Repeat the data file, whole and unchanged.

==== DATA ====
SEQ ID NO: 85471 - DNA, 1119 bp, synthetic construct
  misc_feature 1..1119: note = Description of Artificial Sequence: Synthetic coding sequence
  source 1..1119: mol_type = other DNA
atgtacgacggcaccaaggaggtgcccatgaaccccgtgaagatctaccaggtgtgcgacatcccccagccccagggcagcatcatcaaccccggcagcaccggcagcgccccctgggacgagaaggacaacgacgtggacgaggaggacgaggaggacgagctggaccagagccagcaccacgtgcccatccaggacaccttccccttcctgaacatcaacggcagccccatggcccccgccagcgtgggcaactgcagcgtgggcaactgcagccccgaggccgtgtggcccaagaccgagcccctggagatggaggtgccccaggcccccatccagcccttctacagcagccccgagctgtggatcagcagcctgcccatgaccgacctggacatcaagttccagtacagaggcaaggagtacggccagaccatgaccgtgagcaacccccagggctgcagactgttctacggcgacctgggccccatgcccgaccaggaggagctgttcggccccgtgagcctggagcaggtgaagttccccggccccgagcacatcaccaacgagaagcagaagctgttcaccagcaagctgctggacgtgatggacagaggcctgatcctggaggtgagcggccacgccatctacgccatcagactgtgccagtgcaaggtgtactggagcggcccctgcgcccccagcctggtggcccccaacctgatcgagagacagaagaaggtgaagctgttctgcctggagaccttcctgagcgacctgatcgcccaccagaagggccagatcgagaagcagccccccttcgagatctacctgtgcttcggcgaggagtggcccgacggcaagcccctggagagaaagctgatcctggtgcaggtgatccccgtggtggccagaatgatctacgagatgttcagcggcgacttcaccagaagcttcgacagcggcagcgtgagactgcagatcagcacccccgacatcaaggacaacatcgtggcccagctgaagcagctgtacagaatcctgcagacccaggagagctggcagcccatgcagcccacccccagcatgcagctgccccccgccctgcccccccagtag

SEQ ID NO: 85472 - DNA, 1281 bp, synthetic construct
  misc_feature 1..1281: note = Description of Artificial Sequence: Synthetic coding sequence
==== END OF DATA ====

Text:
SEQ ID NO: 85471 - DNA, 1119 bp, synthetic construct
  misc_feature 1..1119: note = Description of Artificial Sequence: Synthetic coding sequence
  source 1..1119: mol_type = other DNA
atgtacgacggcaccaaggaggtgcccatgaaccccgtgaagatctaccaggtgtgcgacatcccccagccccagggcagcatcatcaaccccggcagcaccggcagcgccccctgggacgagaaggacaacgacgtggacgaggaggacgaggaggacgagctggaccagagccagcaccacgtgcccatccaggacaccttccccttcctgaacatcaacggcagccccatggcccccgccagcgtgggcaactgcagcgtgggcaactgcagccccgaggccgtgtggcccaagaccgagcccctggagatggaggtgccccaggcccccatccagcccttctacagcagccccgagctgtggatcagcagcctgcccatgaccgacctggacatcaagttccagtacagaggcaaggagtacggccagaccatgaccgtgagcaacccccagggctgcagactgttctacggcgacctgggccccatgcccgaccaggaggagctgttcggccccgtgagcctggagcaggtgaagttccccggccccgagcacatcaccaacgagaagcagaagctgttcaccagcaagctgctggacgtgatggacagaggcctgatcctggaggtgagcggccacgccatctacgccatcagactgtgccagtgcaaggtgtactggagcggcccctgcgcccccagcctggtggcccccaacctgatcgagagacagaagaaggtgaagctgttctgcctggagaccttcctgagcgacctgatcgcccaccagaagggccagatcgagaagcagccccccttcgagatctacctgtgcttcggcgaggagtggcccgacggcaagcccctggagagaaagctgatcctggtgcaggtgatccccgtggtggccagaatgatctacgagatgttcagcggcgacttcaccagaagcttcgacagcggcagcgtgagactgcagatcagcacccccgacatcaaggacaacatcgtggcccagctgaagcagctgtacagaatcctgcagacccaggagagctggcagcccatgcagcccacccccagcatgcagctgccccccgccctgcccccccagtag

SEQ ID NO: 85472 - DNA, 1281 bp, synthetic construct
  misc_feature 1..1281: note = Description of Artificial Sequence: Synthetic coding sequence